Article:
Chapter 2 GETTING STARTED IN MODULA-2 OUR FIRST MODULA-2 PROGRAM ______________________________________________________________ We are ready to look at our first ================ instructional program in Modula-2. PUPPYDOG.MOD Assuming that you have a full screen ================ editor of some type, load the program PUPPYDOG.MOD and display it on your screen or examine a printed listing of it. This is an example of the minimum Modula-2 program. There is nothing that can be left out of this program and still have a compilable, executable program. The first word in the program, MODULE, is the name that identifies a module, and it must be written as given here, in all capital letters. During the first two parts of this tutorial, we will only use this type of a module. There are other types, but we will not look at any of them until we get to part III of this tutorial. Modula-2 requires us to name our module so we give it a name, PuppyDog in this case. We could have used any name that qualifies as an identifier but we have chosen a name that has nothing to do with computers as an illustration that any name could be used. In a practical program, you would probably use a name that was descriptive of the program in some way. WHAT IS AN IDENTIFIER? ______________________________________________________________ An identifier is a combination of letters and numbers that Modula-2 uses to identify a variable, program name, procedure name, and several other quantities. In Modula-2, an identifier is composed of any number of characters. The characters may be any mix of alphabetic and numeric characters, but the first character must be an alphabetic character. The case of the alphabetic character is significant such that PuppyDog, PUPPYDOG, and PuPpYdOg are all different identifiers. No spaces or any other special characters are allowed within an identifier. BACK TO THE PROGRAM UNDER CONSIDERATION ______________________________________________________________ The header line is terminated with a semicolon according to the formal definition of Modula-2. A semicolon is a statement separator and many semicolons will be used in large programs. Following the semicolon, we come to the program itself. The program statements are enclosed between the two words BEGIN and END. In this case there are no statements, but if there 2-1 Chapter 2 - Getting Started in Modula-2 were some, they would be placed between the two indicated words. Finally, the module name is repeated after the END and it is followed by a period. The module name is repeated in order to make the program easier to understand by clearly marking its limits. In a program as small as this example, it really doesn't add to the clarity, but in a large program, it can be of significant help. The period marks the end of the listing and can be thought of as similar to the period that marks the end of a sentence. The three words, MODULE, BEGIN, and END, are special words in Modula-2. They are reserved words because they are used for a specific purpose and cannot be used in any other way. They are not available for your use in any way except for the defined purpose. The reserved words in Modula-2 must be capitalized or the compiler will not consider them as reserved words. You will remember that alphabetic characters must have the correct case in Modula-2. Some other languages, most notably Pascal, allow you to use either case anywhere and it converts them internally so that they are the same. It would be permissible for you to use words such as Begin or End as variables in a Modula-2 program because of the difference in case, but it would be very poor programming practice and should be avoided. We will come across many other reserved words in these lessons. There are 40 reserved words in Modula-2, and they are listed as follows; AND ELSIF LOOP REPEAT ARRAY END MOD RETURN BEGIN EXIT MODULE SET BY EXPORT NOT THEN CASE FOR OF TO CONST FROM OR TYPE DEFINITION IF POINTER UNTIL DIV IMPLEMENTATION PROCEDURE VAR DO IMPORT QUALIFIED WHILE ELSE IN RECORD WITH We will study each of these words and how to use them in this tutorial. You should have learned how to use your compiler by now so you can compile and run this program. It will do nothing, but that is significant in itself, because it should at least return to the operating system after it finishes doing nothing. That may sound a little silly, but it does take a considerable amount of effort to load, transfer control to the program, and set up linkage back to your Disk Operating System. It should be noted at this time that the Modula-2 compiler doesn't care about extra blanks or linefeeds and the careful programmer will insert extra blanks and linefeeds as desired in order to make the program easier to read. As you continue 2-2 Chapter 2 - Getting Started in Modula-2 to program in Modula-2, you will no doubt develop a style of your own and hopefully your programs can be read and understood easily by other programmers. A PROGRAM THAT DOES SOMETHING ______________________________________________________________ Examine the program named WRITESM.MOD for =============== an example of a Modula-2 program that does WRITESM.MOD something. First you should notice that =============== the elements of the first program are still here as they will be in every Modula-2 program. The same three reserved words are used here as before, but now there are some added statements. The third line begins with the reserved word FROM and is a special line that must be used in any program that accesses external procedures. We will not try to define line three at this time. We will only say that every external call in Modula-2 requires a definition of where to find the procedure. The module named InOut is a Modula-2 collection of input and output routines that are available for our use and this line in the program tells the system to look in the InOut collection for the procedures named WriteLn and WriteString. When the program needs these particular subprograms to do what we ask it to do, it knows where to find them. We will cover the import list in detail later in this tutorial. Until then, simply use the example programs as a guide when you wish to write a practice program. OUR FIRST PROGRAM STATEMENTS ______________________________________________________________ Between the begin and end statements in lines 5 and 19, which we defined previously as the place where the actual program is placed, we have a series of WriteString and WriteLn statements. These statements are almost self explanatory, but we will give a few words of explanation about them anyway. Each line is a call to a procedure which is a very important feature of Modula-2. A procedure is a servant that does a specific job for us in a well defined way. In the case of the WriteString, it looks at the string of characters supplied to it and displays the string of characters on the monitor at the current cursor position. The WriteLn procedure serves us by moving the cursor down one line on the monitor and moving it to the left side of the screen. The parentheses are required for the WriteString procedure because it has data following it. The data within the parentheses is data supplied to our slave or helper. It gets the string of characters between the quotation marks or the apostrophes and displays the string on the monitor. You have 2-3 Chapter 2 - Getting Started in Modula-2 a choice of delimiters so that you can output the delimiters themselves. If you desire to output a quotation mark to the monitor, use apostrophes for delimiters, and if you wish to output apostrophes, use quotation marks. If you wish to output both, break the line up and output it piecemeal as in lines 14 through 16. This program should be very clear to you by now. First we tell the system where to get the procedures, then we list the procedures in the order required to produce the desired results. It should be apparent that the lines of the program between the reserved words BEGIN and END are simply executed in order. Compile and execute the program and observe the output on your monitor. As mentioned earlier, lines 26 through 29 give the result of executing the program, and your compiler should give you the identical output. Lines 24 through 31 are within a comment area and will be ignored by the compiler. Comments will be discussed in detail in the next example program. It should be mentioned at this point that it is possible to direct the output to the printer or to a disk file but we will not be doing that for quite some time. We will stay with the basic syntax of Modula-2 for now. MODULA-2 COMMENTS ______________________________________________________________ No program is complete without a few =============== comments embedded in the program as notes MODCOMS.MOD to the programmer describing the reasons =============== for doing some particular thing. The notes are particularly helpful to another programmer who needs to modify the program some day. It is not necessary for the computer to understand the notes. In fact, you don't want the computer to try to understand the notes, so you tell the compiler to ignore the notes completely. How to do this is the object of our next program named MODCOMS.MOD which you should examine at this time. In Modula-2, comments are enclosed in pairs of double characters. The comment is started with the (*, and ended with the *), and can extend over several lines if desired. The program under consideration at this time, has several examples of comments in it. If the comments were completely removed, the program would be very similar to the last one but a lot shorter. Notice that comments can go nearly anywhere in a program, even before the header statement or after the ending period. Comments can even be inserted within a statement provided they go between tokens. (See programming exercise 3 at the end of this chapter.) 2-4 Chapter 2 - Getting Started in Modula-2 A DEBUGGING AID ______________________________________________________________ Comments can be used to remove a section of program from consideration by the compiler so that a particularly troublesome section of code can be "commented out" until you solve some of the other problems in program debugging. This is illustrated in lines 18 and 19 which are ignored by the compiler since they are within a comment area. It is important to remember that comments can be nested in Modula-2 so that a section of code can be "commented out" even if it contains other comments. This particular program is not meant to be an example of good commenting. It is really a sloppy looking program that would need some work to put it into a good style, but it does illustrate where it is possible to put comments. It should be clear to you now that the result of execution section at the end of each program is actually a comment as we mentioned in the last section. GOOD PROGRAMMING STYLE ______________________________________________________________ Examine the program named GOODFORM.MOD for ================ an example of a well formatted program. GOODFORM.MOD Since Modula-2 allows you to use extra ================ spaces and blank lines freely, you should use them in any way you desire to make your programs easy to understand, and therefore easy to debug and modify. Special care has been given to style in this program and it paid off in a very easy to understand program. Even with your very limited knowledge of Modula-2 programming, you can very quickly decipher what it does. It is so well formatted that comments are not needed and they would probably detract from its readability. No further comment is needed or will be given. Compile and run this program to see if it does what you think it will do. REALLY BAD FORMATTING ______________________________________________________________ As you examine UGLYFORM.MOD, you are ================ seeing an excellent example of bad UGLYFORM.MOD formatting. If you can see at a glance ================ what this program does, you deserve the Nobel Prize for understanding software if such a thing exists. The syntax for this program follows all of the rules of Modula-2 programming except for good style. Without saying anything else about this mess, I would suggest that you try to compile and run it. You may be surprised to find that it does compile and run, and in fact, it is identical to the last 2-5 Chapter 2 - Getting Started in Modula-2 program. Keep in mind that you can add extra blanks and linefeeds anyplace you desire in a program to improve its readability. Hopefully, the last two programs will be an indication to you that good programming style is important and can be a tremendous aid in understanding what a program is intended to do. You will develop your own programming style as time goes by. It is good for you to spend some effort in making your program look good, but don't get too excited about it yet. Initially, you should expend your effort in learning how to program in Modula-2 with reasonable style and strive to improve your style as you go along. It would be good for now if you simply tried to copy the style given in these lessons. PROGRAMMING EXERCISES ______________________________________________________________ 1. Write a program that will display your name on the monitor. 2. Write a program that will display your name on the monitor along with your address, city, and state in 3 separate lines. 3. Add a comment to the MODCOMS.MOD file between the words IMPORT and WriteLn to see if the compiler will allow you to put a comment within a statement. 2-6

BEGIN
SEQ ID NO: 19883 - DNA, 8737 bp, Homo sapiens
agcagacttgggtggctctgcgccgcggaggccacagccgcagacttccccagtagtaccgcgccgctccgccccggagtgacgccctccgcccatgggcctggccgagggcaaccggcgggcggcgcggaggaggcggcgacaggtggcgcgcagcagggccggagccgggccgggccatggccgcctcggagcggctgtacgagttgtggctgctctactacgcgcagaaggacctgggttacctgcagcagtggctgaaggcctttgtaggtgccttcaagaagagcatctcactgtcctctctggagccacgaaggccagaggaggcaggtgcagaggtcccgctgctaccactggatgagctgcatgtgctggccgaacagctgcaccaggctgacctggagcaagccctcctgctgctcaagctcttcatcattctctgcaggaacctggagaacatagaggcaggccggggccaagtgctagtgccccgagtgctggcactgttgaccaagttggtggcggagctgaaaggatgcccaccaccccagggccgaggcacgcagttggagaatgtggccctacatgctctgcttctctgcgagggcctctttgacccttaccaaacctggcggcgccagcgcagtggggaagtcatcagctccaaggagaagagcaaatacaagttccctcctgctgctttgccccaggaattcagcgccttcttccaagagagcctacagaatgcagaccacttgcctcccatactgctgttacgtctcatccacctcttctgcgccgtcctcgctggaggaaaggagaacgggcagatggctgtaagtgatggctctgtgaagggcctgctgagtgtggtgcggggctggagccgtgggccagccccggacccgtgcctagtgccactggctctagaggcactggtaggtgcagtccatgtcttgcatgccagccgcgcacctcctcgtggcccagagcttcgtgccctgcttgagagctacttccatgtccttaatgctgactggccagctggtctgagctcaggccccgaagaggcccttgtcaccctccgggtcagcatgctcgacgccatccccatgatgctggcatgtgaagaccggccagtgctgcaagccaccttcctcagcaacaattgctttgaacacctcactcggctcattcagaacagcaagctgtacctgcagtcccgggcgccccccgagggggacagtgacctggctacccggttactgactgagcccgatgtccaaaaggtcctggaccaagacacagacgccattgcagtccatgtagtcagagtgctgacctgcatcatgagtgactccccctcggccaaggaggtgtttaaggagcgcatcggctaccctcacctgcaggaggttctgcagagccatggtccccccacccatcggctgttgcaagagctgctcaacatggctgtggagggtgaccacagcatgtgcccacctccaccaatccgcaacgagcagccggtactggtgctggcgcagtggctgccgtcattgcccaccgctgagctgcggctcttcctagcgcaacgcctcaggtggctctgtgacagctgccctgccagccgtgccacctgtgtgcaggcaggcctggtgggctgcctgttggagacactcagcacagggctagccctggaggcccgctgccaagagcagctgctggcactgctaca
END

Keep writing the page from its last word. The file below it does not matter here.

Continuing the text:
Chapter 3 THE SIMPLE MODULA-2 DATA TYPES TYPES ARE IMPORTANT ______________________________________________________________ The material in this chapter is extremely important to you as you strive to become a good Modula-2 programmer, but you may also find it to be somewhat tedious because it contains so many facts. This material is needed in order to develop the topics in the next few chapters, but all of the details are not necessarily required. For that reason, you may wish to go through it rather rapidly picking up the high points and come back to this chapter for the details later when they will be much more meaningful. Do not completely pass over this material at this time or the next few chapters will be meaningless. If you are already highly experienced in other programming languages, you may be able to survive the next few chapters without this material, but keep in mind that Modula- 2 has a few unique constructs. The most important basic principle in this chapter is the introduction of the data type. The type of a variable defines a range of values the variable can have assigned to it and it also defines a set of operations that are available for use with the variable. By the proper application of data typing, the system checks your usage of values to see that you use them in a reasonable manner. MODULA-2 IS CHANGING ______________________________________________________________ Because Modula-2 is changing based on experience with use, some of these programs may not compile correctly. Every effort was made to make the example programs as error free as possible but due to slight changes in the language, you may have a few compilation problems. We will say more about this after we develop a few topics so we can talk more intelligently about it. Of course, due to slight variations in compilers you may have a few problems also. Modula-2 is a well designed and defined language, but there is room for slight differences in compilers and the way they interpret various constructs. A PROGRAM WITH VARIABLES ______________________________________________________________ The program named INTVAR.MOD is our first program with some variables in use. This program begins in the usual way since it has a module header and the import list. Next we come to 3-1 Chapter 3 - The Simple Data Types a new reserved word, VAR. This word is ================ used to indicate to the compiler that we INTVAR.MOD wish to define one or more variables. In ================ Modula-2, there is a rule that says you can use nothing until it is defined. If we wish to use a variable in the program, we must first define that it will exist, and what kind of a variable it is, or to be more specific, what type it is. After that, it can be used in the program to do what needs to be done. Following the reserved word VAR in line 16, we have the variable named Count defined. The reserved word INTEGER following the colon states that the variable named Count will be of type INTEGER. This means that it can store any whole number between -32768 to 32767 on most microcomputers, and a considerably larger range on larger computers. Don't worry too much about this yet, the next program will completely define what an integer type variable is. It is important to recognize that after we have defined the variable named Count, it still doesn't have a value stored in it, that will come later. Line 7 has two more variables defined, namely x, and y. Once the reserved word VAR is mentioned, as many variables as desired can be defined. They are also integer type variables and do not have a value stored in them yet. You can think of the three variables as three empty boxes, each capable of storing a number but with no number in them yet. It would be perfectly permissible to put all three variables on one line, or to have separated them such that each was on a separate line. At this point, the program doesn't know that there is any difference between them, because there isn't any. The fact that one will contain the sum of the other two has no meaning yet, the comments are only for us, not the computer. Note that Modula-2 gives you no way to initialize a variable when it is declared. This is permissible in many other languages. USING VARIABLES IN A PROGRAM ______________________________________________________________ Now we will examine the program itself. Line 11 sets the variable named x to the value 12, in effect putting the number 12 in the box mentioned earlier. The sign := is the Modula-2 symbol for assignment. It is most meaningful to read the symbol "gets the value of" since it is not really stating a mathematical equality but is saying in effect, "assign the value of this to the variable at the left." The entire line can be read as "x gets the value of 12." There is now a value assigned to the variable x declared in the header. The next statement assigns the value of 13 to the variable named y. Finally the value of the data stored in the variable named x 3-2 Chapter 3 - The Simple Data Types is added to the value of the data stored in the variable named y, and the sum is stored in the variable named Count. We have therefore done our first calculation in Modula-2, but we will do many more before this tutorial is completed. The observant student will notice that each statement is terminated with a semicolon, a Modula-2 requirement. The three variables are then displayed on the monitor with appropriate prose to identify them in lines 17 through 25. The only new statement here is the WriteInt procedure that needs a little explanation. This procedure is used to output an integer type variable to the monitor or whatever device is being used. By definition, it contains two quantities within the parentheses, the first being the variable name and the second being the number of columns the output should fill. If there are not enough columns specified to output the data, more will be used so that no digits will be truncated. If all are not needed, leading blanks will be output. If the variable named x had the value of 1234 when we came to program line 18, all four digits would be output in spite of the request for three. Since the variable x has the value of 12, only two columns will be used and one leading blank will be output. In like manner, the value of the variable named y is allotted 4 columns and the value of Count is to be output in 6 columns. Lines 27 and 28 of the program assign new values to two of the variables. The variable x is assigned the value of FF hexadecimal which is 255 decimal, and y is assigned the value of 177 octal which is 127 decimal. Note that the hexadecimal number must have a leading digit. In this case, a zero had to be prepended. This is only done as an illustration to you of how it is done. If you don't understand these two numbering systems, simply ignore this until you have a need for it. Compile and run this program to see if it does what you expect it to do. The important thing to notice in this program is the variable definition in the definition part of the module and the variable assignment in the program part. It should be obvious, but it would be well to mention that the definition part of the module extends from the module name to the reserved word BEGIN and is where all definitions are put. Likewise, the program part of the module includes all statements from the begin statement to the end statement. SIMPLE VARIABLE TYPES ______________________________________________________________ Modula-2 has several predefined data types that you can use in your programs. You also have the ability to define any number of complex types built up from the simple types but we will not discuss this until we get to chapter 6 of this 3-3 Chapter 3 - The Simple Data Types tutorial. The simple types are INTEGER, CARDINAL, REAL, BOOLEAN, and CHAR. Each has its own purpose and its own peculiarities and we will cover each type one at a time. A few other types may be available with your particular compiler, but they are not universal, so you must check your documentation to see if they are available with your system. The types LONGINT, LONGCARD, and LONGREAL are additional types that represent long integer, long cardinal, and long real types respectively. In each case more storage is required, but numbers covering a larger range can be stored in variables of these types. After you understand the basic types, these new types will be easy for you to understand, so they will not be illustrated in this tutorial. THE SIMPLE VARIABLE - INTEGER ______________________________________________________________ Examine the program named INTMATH.MOD for =============== a few examples of integer math operations. INTMATH.MOD In the declaration part of the program =============== (the part prior to the BEGIN) we have 7 integer type variables defined for use in the program which we will use to illustrate integer arithmetic in the Modula-2 programming language. An integer variable, can store any whole number between -32768 and 32767 on most microcomputers. An attempt to store any other value in an integer type variable should produce an error by your compiler but it may produce some other result. Some compilers may store a -32769, which is one count too low, as a 32767 which is at the top end of the range. This is due to the two's complement arithmetic that you don't need to understand at this point. It will be left to you to determine what your compiler does in such a case. Line 10 of this program is nothing new to you, it simply assigns the variable named A the value of 9. Line 11 adds 4 to the value stored in the variable A and the result, 13, is stored in the variable named B. Next, the values stored in the variables named A and B are added together and the sum, which is 13, is stored in the variable named IntSum. Continuing in the same manner, the difference and the product are calculated and stored. When we come to integer division, we are breaking new ground because the result is truncated to the largest whole number resulting from the division. Thus 13 DIV 9 results in 1 because the remainder is simply dropped. The next construct, B MOD A results in the remainder of the division, which is 4 in this case. Note that the modulo (MOD) operator can only be used with a positive denominator in Modula-2. Any attempt to use the modulo operator with a negative denominator will result in a fatal run time error. 3-4 Chapter 3 - The simple Data Types You will find these operations very useful as you progress as a Modula-2 programmer. The intent of the next line is to illustrate that you can do several math operations in a statement if you are careful to put the parentheses in the proper places. The rules about operator precedence are similar to those for other programming languages, and they are well defined, but I recommend that you use lots of parentheses to remove all doubt as to what the results will be. THE INC AND DEC OPERATIONS ______________________________________________________________ The results of the operations are each displayed in 6 columns and we move on to several new operations. The first new operation is the INC which is short for increment. This simply increments the variable contained within the parentheses and if a second argument is given, the variable is incremented by the value of that variable. In like manner, the DEC procedure decrements the variable in the parentheses by one unless a second argument is given in which case the variable is decremented by the value of that variable. It may not be clear at this point, but the second variable itself may be another variable name or even a composite of several as long as it results in an integer type variable. This is illustrated in the program in line 33. THE MIN AND MAX OPERATIONS ______________________________________________________________ Finally, we come to the last two procedures in this program, the MIN and the MAX. These two function procedures are built into the language and therefore do not need to be imported. They are properly called function procedures because each returns a value, but it is still proper to refer to them simply as procedures. These two procedures will return the value of the smallest possible integer, -32768 and the largest possible integer, 32767 for most microcomputers. These are the values returned for a 16 bit computer. It is possible that you are using a computer and compiler combination that uses more than 16 bits. If this is the case, MIN and MAX will return larger numbers. Compile and execute this program and observe the output. If your compiler results in errors, you may have to make some changes in order to compile it. Some of the more popular Modula-2 compilers do not implement the MIN and MAX procedures, so you may need to remove or comment out lines 35 and 36 of this program prior to compilation. The min and max 3-5 Chapter 3 - The Simple Data Types procedures are relatively new additions to Modula-2 which explains why they are not yet available with all compilers. THE SIMPLE VARIABLE - CARDINAL ______________________________________________________________ Examine the file named CARDMATH.MOD for a ================ few examples of cardinal mathematics and CARDMATH.MOD output. In this file, 7 variables are ================ defined as type CARDINAL and one more as type INTEGER. A cardinal variable can store any whole number from 0 to 65535 in a 16 bit microcomputer, although the range may be different if you are using a computer and compiler combination that uses more bits. The first few lines are the same as the last program so very little needs to be said about them except for the subtraction example. In this case, the result of the subtraction would be negative if it were carried out as in the last program so A is subtracted from B. It is an error to attempt to store a negative number in a cardinal type variable. For that reason, a cardinal should not be used if there is any chance that it will be required to go negative. Programming experience will be the best teacher when it comes to deciding what variable types to use in each situation. In this program the variables are once again displayed, but now the procedure named WriteCard is used for output because the variables to be output are of the cardinal type. The next two statements indicate that integer and cardinal variables are "assignment compatible", meaning that they can be assigned to each other with the := operator. They cannot however, be mixed in calculations. Constants in an expression are assumed to be of the same type as the variables in the expression and they must agree. For that reason, the expression in line 36 is invalid because (-112) is a negative constant and therefore not cardinal. In the prior line it is permissible to subtract the positive number 112 from the value of A as long as the result is still positive. As an exercise, change line 34 such that a number less than 112 is assigned to the variable named A. The program will compile without error but when you run it, you should get a runtime error because the cardinal assignment is out of range. Notice that the constant value of -112 is permissible for use as an integer constant. The remaining statements in the program are the same as the last program so additional explanation is unneeded. It would be good to point out that in the case of cardinal, the MIN and MAX procedures will return values of 0 and 65535 for most 16 bit implementations. Computers using additional bits will result in a much larger value for MAX. Compile and run this 3-6 Chapter 3 - The Simple Data Types program remembering that it may be necessary to comment out the MIN and MAX statements to get a successful compilation, since they may not be available with your compiler. HOW NEW IS YOUR COMPILER? ______________________________________________________________ Modula-2, as mentioned near the beginning of this chapter, is a dynamic language that is changing as the base of experience dictates weaknesses. This is true of any good modern programming language. As originally defined, Modula-2 used the cardinal type for most operations, assuming cardinal if the type was not specifically stated and if the type could be either integer or cardinal. In his Fourth edition of "Programming in Modula-2", Niklaus Wirth has changed this to favor the integer in some situations. The language will now be more similar to a few other modern languages, many of which do not have a cardinal representation. This change makes this tutorial difficult to write, since all compilers will not comply with this change for several years. I will try to point out the places where the changes are taking place, but I will not be able to find them all. You may be required to do a little searching in your compiler documentation for some of the changes as they come up in the example programs. THE SIMPLE VARIABLE - REAL ______________________________________________________________ Examine the program named REALMATH.MOD for ================ a demonstration of the use of the data REALMATH.MOD type REAL. The definition part of this ================ program is similar to the last with some additions to the import list. Your compiler may use different names for some of the procedures here, so if you get a compile error you will need to modify these. We will study the import (and export) list in detail later, so be patient. Several real variables and one each of the integer and cardinal types are defined for use in the program. The real type variable can contain numbers in a wide range and with fractional parts included. The exact range, and the accuracy will vary widely depending on your implementation. It will be up to you to check your reference manual for the limits on your computer and compiler. A real type number is defined as one with a decimal point, and in Modula-2, there must be at least one digit prior to the decimal point, but none are required following it. The mathematics are the same as with the other two except that the division symbol is the slash (/). There is no MOD for real type numbers because there is 3-7 Chapter 3 - The Simple Data Types theoretically no remainder, since a fractional part is computed as part of the calculation. The four results are displayed on the monitor with 12 columns allowed for each result and two extra blanks displayed between each number. Unfortunately, we have no control over how many digits will be displayed following the decimal point. This would be nice for outputting data in a financial model where we would like to have two digits following the decimal point. When we get to the advanced part of this tutorial, we will write our own procedure for outputting real values in such a way that we can call it from any program just like we call these output procedures. CONVERSION BETWEEN DATA TYPES ______________________________________________________________ Beginning in line 33, we assign the integer and cardinal variables some values and convert the values to type real by using the procedure named FLOAT. We then convert the variable Sum to integer and cardinal by use of the procedure named TRUNC. The fractional part, if any, will simply be thrown away. These procedures will be very useful in many of your programs. Lines 40 and 41 once again use the MIN and MAX functions to return the value of the largest positive real number and the smallest positive real number for your implementation. Once again, your compiler may not support these two functions and they may have to be commented out in order to compile. Be sure to compile and execute this program. THE REAL MATHEMATICS LIBRARY ______________________________________________________________ Besides the standard arithmetic ================ operations, Modula-2 provides a library of REALTRIG.MOD standard geometric and trigonometric ================ functions in the library module MathLib0. These must be imported in order to use them as illustrated in the example program REALTRIG.MOD which you should examine at this time. The program itself should be self explanatory with the exception of lines 24 and 25 which illustrate the real and entier functions which convert data between the real and integer types. The word entier is French for integer. Note that if the real value will not fit into the integer range of values, the result is undefined by the definition of Modula- 2, but your compiler documentation should define the result in this case. 3-8 Chapter 3 - The Simple Data Types THE SIMPLE VARIABLE - BOOLEAN ______________________________________________________________ Examine the file named BOOLMATH.MOD for an ================ example of boolean variables and some BOOLMATH.MOD boolean operations. A boolean variable ================ can only have one of two possible values, TRUE or FALSE. The values TRUE and FALSE are standard identifiers which are defined by the Modula-2 system and available for your use. These variables cannot be printed directly but can be used to control other print statements to print out a representation of their value. We will see how later. We define 3 boolean variables and 3 integer variables and assign values to the 3 integer variables in the program for use in these illustrations. In line 13 the boolean expression "A = 22" is true, therefore the boolean variable named IsIt is assigned the value TRUE. The variable IsIt could be used later in the program to make a decision, by a yet undefined method, to do something or bypass it. In like manner, the next statement assigns IsIt the value FALSE because A is not equal to 23. The remainder of the allowed boolean expressions are defined in the next few lines and are left for your inspection and study. Lines 20 and 21 illustrate forms of the "not equal" operator. According to the latest definition of Modula-2, the <> is no longer legal for use and must be changed to the # form. You may need to comment out line 21 to compile this program. Beginning in line 25, composite boolean expressions are illustrated. As many boolean expressions as desired can be combined with AND and OR operators. If two or more boolean expressions are combined with the AND, the result is true if all expressions are true. If two or more boolean expressions are combined with the OR, the result is true if any of them are true. The NOT operator inverts the sense of what it modifies, it turns a TRUE to FALSE and vice-versa. Finally, a couple of composite boolean expressions are given for illustration of the amount of complexity that is allowed, although there is no real limit as to how far you can go with the complexity. Good programming practice would dictate that you keep it simple and understandable. The ampersand (&) can be used in place of the AND operator, and the tilde (~) can be used in place of the OR operator, but the use of the words is considerably clearer. Their use is illustrated in lines 35 and 36. 3-9 Chapter 3 - The Simple Data Types TWO RULES FOR BOOLEAN EVALUATION ______________________________________________________________ First it is important that you use the same type of variables within a boolean expression. Real type variables can be compared to other reals and integers to integers, but reals cannot be compared to integers. Cardinal and char types can also be compared to their own types, but none of the four can be compared directly to each other. Secondly, Modula-2 uses a short circuit evaluation technique for boolean evaluation. Evaluation proceeds from left to right and if it finds a result which will positively determine the outcome, evaluation stops. For example, if it is evaluating a string of 5 comparisons all combined with an AND, and it finds that the second term is false, evaluation stops there. Since all terms must be true for the result to be true, it makes no difference what values the last three are, the result will be false because of the second term. Be sure to compile and execute this program even though it has no output. You should verify for your own information that this program will compile and execute correctly with your system. THE SIMPLE VARIABLE - CHAR ______________________________________________________________ Examine the program named CHARDEMO.MOD for ================ an illustration of use of the last simple CHARDEMO.MOD variable type, CHAR. Text data is stored ================ in a computer in a format utilizing the char data type. Although there are exceptions, such as when text is stored in some form of a packed mode, this is nearly always true. This tutorial was written with a word processor that uses a char type for text storage, and few word processors use any other method. Although there are many different ways to store text, only two are used to any level of significance, EBCDIC and ASCII. This merely refers to the way the characters of the alphabet and all other characters are represented in the computer. The ASCII standard defines that the value of 65 will be the letter A, 66 will be the letter B, etc. If everyone uses the same standard, transfer of data from one computer to another is greatly simplified. The program named CHARDEMO.MOD has the usual header, imports the procedure named Write for use in displaying the char type data, then defines 4 char type variables for use in the program. An integer type variable is also defined. In the program itself, we begin in lines 11 and 12 by assigning two of the variables some char data. Since a char variable is 3-10 Chapter 3 - THe Simple Data Types capable of storing one letter, numeral, or special character, each variable is assigned one letter. The single or double quotes are used as an indication to the compiler that you intend for it to use the letter as a char type variable rather than as another variable name. Of course if you wanted to use A as a variable name, you would have to define it in the definition part of the module. TWO SPECIAL CHAR PROCEDURES ______________________________________________________________ The next instruction gets the ordinal value of the letter A, adds 2 to it, and assigns that value to the variable named Index, which must be an integer (although it could have been defined as a cardinal type variable). Refer to the documentation that came with your computer and you will find an ASCII table that will define the letter A as 65. Finally, the char type variable Dog3 is assigned the character value of Index. Your ASCII table should define 67 as the letter C. It is important to understand that the char variable Dog3 contains the character representation of the letter C, and the integer variable Index contains the numerical value of the ASCII representation of the letter C. It would be perfectly alright to use the variable Index for any desired numerical calculations, but not to display the letter C. On the other hand, it would be alright to use the variable Dog3 to display the letter C on the monitor but it could not be used for any calculations. The purpose therefore, of the two procedures named ORD and CHR, is to translate from one type to the other. The variable Cat4 is assigned the double quote by enclosing it in the single quotes, and the characters are output in a funny order to spell "CAT". The variable Char1 is assigned the value of S, and the word is completed resulting in the full word "CATS" on the monitor after the program is compiled and run. If this were the only way to use the char type variable, it would be very tedious and frustrating, but there are other methods to use the char type that are far more useful as you will see later in this tutorial. Next, an additional means of assigning a char type variable is given. By assigning the char variable the value 65C, it is the same as writing CHR(65), resulting in the variable having the internal value A. A number less than 256 followed by a C is defined by Modula-2 as a char type constant. Finally, the variable Char1 is assigned the letter a and it is converted to upper case A with the procedure named CAP. This procedure will convert the argument to its upper case equivalent if it is a lower case letter. If its argument is an upper case letter or any other character, it will do nothing to it. Be sure to compile and execute CHARDEMO.MOD and observe the output. 3-11 Chapter 3 - The Simple Data Types One final point should be made about the char type variable. There are no arithmetic operations that can be done on a char type variable. To increment a char type variable for example, it must be converted to a numerical type, incremented, then converted back to char. Note that the actual increment is performed on the numerical type, not the char type. USING THE TRANSFER PROCEDURES ______________________________________________________________ Examine the file named TRANSFER.MOD for ================ several examples of transferring data TRANSFER.MOD between the various simple data types. ================ The transfer functions given here may not seem too important at this time, but some time spent here will help to reduce the frustration later when you get seemingly wrong errors that say you are using incompatible types in a statement. All of the program will not be discussed, only those statements that use some of the more unusual capabilities of Modula-2. In line 13, the calculations are done in integer format, but due to the assignment compatibility of integer and cardinal, the result is converted to cardinal across the assignment operator. In lines 14 and 15, the integer type Int1 is converted to cardinal and the mathematics are completed in the cardinal type. This is an example of type coercion, which will be explained in a couple of paragraphs. Line 16 is an illustration of mixed mathematics using the transfer procedure INTEGER. Line 20 is the first example of nested transfer procedures which must be done because FLOAT can only be used with cardinal for an argument. (Keep in mind that Modula-2 is changing such that integer is the preferred type, and some of this may change.) The expression in line 22 is an error because the procedure named TRUNC results in a cardinal which cannot be added to an integer type variable. Either of the next two lines fix the problem by making the addition type-compatible then making use of the assignment compatibility between integer and cardinal for line number 23. The same error occurs in line 26 and is fixed the same way in either of the next two lines. Once again, in line 31, the incompatible type error occurs and is fixed in either of two ways in the next two lines. Lines 35 and 36 illustrate converting char data to first cardinal then real which requires nested transfer procedure calls. The last line of the program is a nest of procedures which converts a character from char to cardinal, then to real, back to cardinal, and finally back to the original char variable. It does nothing except act as a good illustration to you of what can be done. 3-12 Chapter 3 - The Simple Data Types TYPE COERCION OR TYPE CONVERSION ______________________________________________________________ All examples in this example program use type conversion except for the INTEGER and CARDINAL conversions, which are actually type coercions. A type conversion is a call to a function which actually modifies the bit pattern to conform to the new type, whereas a type transformation, also called a type coercion, simply copies the bit pattern from one type to the other with no regard for the meaning of the bits. Check your compiler documentation for a complete list of type conversions. The definition of Modula-2 requires that CHR, FLOAT, ORD, TRUNC, and VAL be available. A type transformation requires that the two types involved use the same amount of storage. This implies that you must have some knowledge of the machine representation of the types. The only type transformations you should make at this point are between integer and cardinal types, since it would be difficult for a compiler writer to use a different bit pattern for each of these types. More will be said about this later. Until then, you should use type transformations cautiously, if at all. Conversion between types is very important. You will use these techniques often so it is important to know how they work. A very simple yet helpful memory aid is to remember that any simple type can be converted to cardinal and cardinal can be converted to any type. Most other conversions require two steps to get from one to the other. Remember that the latest update to Modula-2 is changing this. Don't worry about this change too much, since you may not even notice the change as you program. Compiler writers will try to keep updates compatible with older versions and will inform you of any changes. Chapter 14 will readdress this topic with even more extensive type transfer procedures. PROGRAMMING EXERCISES ______________________________________________________________ 1. Write a program in which you define, using the char type variable, the letters "a" and "z", and the numbers "0" and "9". Convert them to cardinal, and display the four characters and their ASCII (numerical) values. 2. Write a program that you can easily modify to experiment with conversions between the various types that result in incorrect conversions to see the results on your compiler. For example, convert a -1 as an integer to a cardinal. 3-13